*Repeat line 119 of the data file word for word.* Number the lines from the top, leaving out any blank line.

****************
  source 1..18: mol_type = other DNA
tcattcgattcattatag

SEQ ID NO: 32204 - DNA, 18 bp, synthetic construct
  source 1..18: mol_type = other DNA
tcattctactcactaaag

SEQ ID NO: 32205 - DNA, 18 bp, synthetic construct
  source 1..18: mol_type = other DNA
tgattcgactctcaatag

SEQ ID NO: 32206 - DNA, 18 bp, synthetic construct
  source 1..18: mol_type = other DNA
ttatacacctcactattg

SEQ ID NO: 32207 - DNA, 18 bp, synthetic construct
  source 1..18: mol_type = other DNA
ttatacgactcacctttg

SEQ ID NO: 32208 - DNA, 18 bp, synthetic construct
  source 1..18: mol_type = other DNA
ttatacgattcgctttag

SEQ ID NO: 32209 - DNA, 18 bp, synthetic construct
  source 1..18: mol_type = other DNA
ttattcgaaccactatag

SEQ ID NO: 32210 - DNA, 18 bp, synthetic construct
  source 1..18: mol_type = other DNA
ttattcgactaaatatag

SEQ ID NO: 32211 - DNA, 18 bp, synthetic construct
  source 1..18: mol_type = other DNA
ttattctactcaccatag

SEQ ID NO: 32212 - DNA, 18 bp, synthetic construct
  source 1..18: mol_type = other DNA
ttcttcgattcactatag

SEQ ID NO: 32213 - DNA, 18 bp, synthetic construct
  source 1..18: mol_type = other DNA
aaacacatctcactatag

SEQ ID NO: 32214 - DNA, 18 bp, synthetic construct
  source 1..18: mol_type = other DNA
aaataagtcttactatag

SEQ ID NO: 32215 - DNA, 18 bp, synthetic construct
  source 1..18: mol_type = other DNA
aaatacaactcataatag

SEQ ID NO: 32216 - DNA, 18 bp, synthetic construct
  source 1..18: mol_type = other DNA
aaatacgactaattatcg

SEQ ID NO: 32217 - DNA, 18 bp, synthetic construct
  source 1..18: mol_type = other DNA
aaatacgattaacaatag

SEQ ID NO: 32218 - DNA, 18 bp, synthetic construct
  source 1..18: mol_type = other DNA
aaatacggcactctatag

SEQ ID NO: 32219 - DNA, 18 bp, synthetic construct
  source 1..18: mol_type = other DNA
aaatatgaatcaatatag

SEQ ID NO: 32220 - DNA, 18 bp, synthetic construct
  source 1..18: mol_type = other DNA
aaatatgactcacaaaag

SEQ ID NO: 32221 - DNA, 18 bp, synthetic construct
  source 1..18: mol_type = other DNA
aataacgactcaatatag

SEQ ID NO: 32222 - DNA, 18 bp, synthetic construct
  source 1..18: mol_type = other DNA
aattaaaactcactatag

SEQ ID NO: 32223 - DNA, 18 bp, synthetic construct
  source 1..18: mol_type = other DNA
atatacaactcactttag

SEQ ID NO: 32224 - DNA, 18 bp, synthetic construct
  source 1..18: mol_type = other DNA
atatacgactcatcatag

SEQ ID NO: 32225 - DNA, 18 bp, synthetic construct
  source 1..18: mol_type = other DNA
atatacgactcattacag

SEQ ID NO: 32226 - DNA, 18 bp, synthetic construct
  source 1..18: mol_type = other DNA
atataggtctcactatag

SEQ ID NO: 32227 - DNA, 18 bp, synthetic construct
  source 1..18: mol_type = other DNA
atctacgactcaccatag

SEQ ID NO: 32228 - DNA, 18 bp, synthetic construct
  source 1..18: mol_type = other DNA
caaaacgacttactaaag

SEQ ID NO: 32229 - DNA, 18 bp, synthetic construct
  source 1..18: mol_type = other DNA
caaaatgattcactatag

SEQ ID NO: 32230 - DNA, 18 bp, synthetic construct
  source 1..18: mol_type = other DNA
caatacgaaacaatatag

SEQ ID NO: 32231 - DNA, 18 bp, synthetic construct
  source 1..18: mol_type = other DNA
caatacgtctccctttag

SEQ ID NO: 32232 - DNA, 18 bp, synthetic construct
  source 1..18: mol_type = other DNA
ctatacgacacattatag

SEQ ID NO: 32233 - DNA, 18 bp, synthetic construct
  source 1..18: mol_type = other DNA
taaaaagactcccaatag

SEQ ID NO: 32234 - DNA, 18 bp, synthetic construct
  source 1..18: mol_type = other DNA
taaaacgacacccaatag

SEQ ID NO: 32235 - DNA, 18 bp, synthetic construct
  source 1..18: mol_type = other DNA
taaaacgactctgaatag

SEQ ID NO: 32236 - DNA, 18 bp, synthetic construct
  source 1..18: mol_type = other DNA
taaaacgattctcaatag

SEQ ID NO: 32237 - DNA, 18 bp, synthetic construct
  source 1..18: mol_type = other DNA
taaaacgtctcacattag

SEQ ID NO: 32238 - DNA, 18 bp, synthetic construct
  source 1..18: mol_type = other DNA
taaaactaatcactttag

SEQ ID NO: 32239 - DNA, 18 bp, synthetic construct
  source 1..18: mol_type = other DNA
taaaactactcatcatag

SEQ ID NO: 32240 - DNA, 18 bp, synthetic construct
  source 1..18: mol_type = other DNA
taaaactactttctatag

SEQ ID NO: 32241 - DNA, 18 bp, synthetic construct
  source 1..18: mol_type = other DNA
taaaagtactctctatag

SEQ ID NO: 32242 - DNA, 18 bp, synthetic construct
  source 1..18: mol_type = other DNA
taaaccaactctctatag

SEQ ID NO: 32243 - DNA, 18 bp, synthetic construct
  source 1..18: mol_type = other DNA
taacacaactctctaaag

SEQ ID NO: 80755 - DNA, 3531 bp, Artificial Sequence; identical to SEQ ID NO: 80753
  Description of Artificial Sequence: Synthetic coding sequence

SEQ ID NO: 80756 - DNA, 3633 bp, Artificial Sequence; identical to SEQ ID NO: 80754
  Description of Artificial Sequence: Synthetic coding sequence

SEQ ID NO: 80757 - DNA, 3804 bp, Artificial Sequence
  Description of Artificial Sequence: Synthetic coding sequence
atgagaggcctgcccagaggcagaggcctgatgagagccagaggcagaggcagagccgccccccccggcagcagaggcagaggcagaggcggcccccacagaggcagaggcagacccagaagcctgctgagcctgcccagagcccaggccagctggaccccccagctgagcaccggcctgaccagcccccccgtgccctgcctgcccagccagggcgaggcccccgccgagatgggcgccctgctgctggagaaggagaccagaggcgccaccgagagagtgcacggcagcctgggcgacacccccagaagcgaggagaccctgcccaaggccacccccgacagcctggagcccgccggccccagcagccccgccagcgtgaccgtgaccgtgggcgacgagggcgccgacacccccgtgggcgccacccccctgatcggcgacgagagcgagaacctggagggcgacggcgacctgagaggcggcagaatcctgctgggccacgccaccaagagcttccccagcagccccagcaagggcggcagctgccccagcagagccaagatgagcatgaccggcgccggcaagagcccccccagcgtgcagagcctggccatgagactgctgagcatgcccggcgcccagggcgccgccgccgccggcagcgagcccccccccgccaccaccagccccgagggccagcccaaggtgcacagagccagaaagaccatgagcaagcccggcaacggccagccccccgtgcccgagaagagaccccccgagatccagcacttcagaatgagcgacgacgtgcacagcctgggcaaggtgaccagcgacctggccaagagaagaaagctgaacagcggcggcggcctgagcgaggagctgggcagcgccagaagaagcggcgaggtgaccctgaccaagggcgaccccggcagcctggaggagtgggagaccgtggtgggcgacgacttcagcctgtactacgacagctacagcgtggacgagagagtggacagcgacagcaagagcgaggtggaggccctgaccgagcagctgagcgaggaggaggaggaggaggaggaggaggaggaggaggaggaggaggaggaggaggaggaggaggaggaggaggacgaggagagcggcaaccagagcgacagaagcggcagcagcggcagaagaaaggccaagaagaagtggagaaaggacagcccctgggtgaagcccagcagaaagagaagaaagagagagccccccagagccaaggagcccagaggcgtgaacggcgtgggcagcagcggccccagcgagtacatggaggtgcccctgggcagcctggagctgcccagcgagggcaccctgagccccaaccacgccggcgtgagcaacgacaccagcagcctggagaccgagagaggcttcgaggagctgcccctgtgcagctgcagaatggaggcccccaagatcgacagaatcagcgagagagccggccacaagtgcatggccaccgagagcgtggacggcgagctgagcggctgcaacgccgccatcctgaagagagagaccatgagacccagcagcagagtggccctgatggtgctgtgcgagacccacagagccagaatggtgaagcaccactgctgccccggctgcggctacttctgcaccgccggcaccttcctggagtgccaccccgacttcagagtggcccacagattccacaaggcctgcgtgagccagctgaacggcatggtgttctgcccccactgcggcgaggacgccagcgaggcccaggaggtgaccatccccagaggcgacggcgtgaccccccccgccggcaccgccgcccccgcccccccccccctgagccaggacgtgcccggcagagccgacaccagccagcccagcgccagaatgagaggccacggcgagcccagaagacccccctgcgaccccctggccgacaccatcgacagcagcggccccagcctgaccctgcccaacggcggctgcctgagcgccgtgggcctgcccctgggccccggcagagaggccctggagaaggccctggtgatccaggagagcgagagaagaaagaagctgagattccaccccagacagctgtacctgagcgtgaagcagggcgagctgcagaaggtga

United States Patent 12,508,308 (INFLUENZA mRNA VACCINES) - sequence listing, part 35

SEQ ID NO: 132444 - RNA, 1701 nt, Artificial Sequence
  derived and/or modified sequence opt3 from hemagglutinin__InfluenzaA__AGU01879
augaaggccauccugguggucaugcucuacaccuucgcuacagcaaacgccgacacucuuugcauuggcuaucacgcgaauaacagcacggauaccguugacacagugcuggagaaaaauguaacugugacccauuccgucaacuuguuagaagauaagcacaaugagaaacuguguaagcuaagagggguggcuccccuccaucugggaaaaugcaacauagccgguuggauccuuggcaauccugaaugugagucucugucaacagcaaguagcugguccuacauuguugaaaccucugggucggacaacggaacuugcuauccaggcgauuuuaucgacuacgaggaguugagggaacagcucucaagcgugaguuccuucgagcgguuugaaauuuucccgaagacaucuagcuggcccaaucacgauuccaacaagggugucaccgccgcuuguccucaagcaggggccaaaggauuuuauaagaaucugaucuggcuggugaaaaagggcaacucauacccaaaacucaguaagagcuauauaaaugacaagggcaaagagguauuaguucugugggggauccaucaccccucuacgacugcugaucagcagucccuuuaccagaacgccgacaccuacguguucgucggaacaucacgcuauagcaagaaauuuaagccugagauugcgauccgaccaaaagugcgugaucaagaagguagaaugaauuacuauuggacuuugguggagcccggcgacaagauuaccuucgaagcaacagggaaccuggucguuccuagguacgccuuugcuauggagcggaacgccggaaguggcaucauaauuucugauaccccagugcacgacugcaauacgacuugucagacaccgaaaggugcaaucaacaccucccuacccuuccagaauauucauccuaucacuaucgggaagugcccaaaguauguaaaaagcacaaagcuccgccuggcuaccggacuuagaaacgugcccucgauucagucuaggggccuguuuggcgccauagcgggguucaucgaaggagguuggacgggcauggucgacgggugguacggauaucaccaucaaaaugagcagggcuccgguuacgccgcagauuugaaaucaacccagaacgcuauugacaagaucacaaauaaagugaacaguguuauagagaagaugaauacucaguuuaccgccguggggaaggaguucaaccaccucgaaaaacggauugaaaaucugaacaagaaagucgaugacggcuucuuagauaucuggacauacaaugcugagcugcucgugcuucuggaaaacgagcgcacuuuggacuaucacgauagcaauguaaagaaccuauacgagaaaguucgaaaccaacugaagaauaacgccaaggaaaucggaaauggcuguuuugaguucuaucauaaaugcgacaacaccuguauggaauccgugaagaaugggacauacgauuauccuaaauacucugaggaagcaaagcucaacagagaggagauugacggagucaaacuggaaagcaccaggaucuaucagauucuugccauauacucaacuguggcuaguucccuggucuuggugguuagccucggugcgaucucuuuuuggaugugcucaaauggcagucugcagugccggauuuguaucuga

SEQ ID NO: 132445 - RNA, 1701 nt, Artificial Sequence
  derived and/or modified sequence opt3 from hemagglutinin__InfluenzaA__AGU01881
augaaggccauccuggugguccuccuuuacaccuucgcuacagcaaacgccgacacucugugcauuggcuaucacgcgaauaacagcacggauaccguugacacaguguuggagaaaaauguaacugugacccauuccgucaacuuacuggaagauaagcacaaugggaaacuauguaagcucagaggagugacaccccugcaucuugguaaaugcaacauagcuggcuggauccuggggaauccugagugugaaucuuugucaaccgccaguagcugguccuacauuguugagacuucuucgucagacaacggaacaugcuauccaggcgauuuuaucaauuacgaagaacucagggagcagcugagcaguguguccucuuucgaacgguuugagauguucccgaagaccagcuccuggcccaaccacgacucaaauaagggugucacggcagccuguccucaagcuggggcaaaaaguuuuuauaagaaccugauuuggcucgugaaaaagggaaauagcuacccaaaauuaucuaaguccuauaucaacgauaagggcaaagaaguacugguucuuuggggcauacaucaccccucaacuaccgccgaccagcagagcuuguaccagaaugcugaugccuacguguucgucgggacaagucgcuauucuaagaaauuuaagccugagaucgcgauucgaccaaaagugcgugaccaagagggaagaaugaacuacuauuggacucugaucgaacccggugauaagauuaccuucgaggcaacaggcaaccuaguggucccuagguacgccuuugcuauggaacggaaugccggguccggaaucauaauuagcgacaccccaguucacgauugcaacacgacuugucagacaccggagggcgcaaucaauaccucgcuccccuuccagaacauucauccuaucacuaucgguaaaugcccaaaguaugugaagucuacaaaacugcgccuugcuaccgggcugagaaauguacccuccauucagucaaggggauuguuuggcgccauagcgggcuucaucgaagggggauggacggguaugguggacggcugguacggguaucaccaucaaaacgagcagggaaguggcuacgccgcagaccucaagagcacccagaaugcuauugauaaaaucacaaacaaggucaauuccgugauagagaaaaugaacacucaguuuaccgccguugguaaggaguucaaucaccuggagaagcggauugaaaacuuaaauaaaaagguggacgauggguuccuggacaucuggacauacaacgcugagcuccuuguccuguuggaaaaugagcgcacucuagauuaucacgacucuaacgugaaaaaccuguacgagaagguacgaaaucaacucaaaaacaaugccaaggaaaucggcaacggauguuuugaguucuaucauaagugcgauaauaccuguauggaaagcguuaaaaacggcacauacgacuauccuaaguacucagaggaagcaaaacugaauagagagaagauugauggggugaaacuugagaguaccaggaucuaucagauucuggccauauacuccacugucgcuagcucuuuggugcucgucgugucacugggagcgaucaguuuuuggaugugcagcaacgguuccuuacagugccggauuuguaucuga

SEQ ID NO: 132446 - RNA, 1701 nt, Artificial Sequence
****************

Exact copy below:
taaaccaactctctatag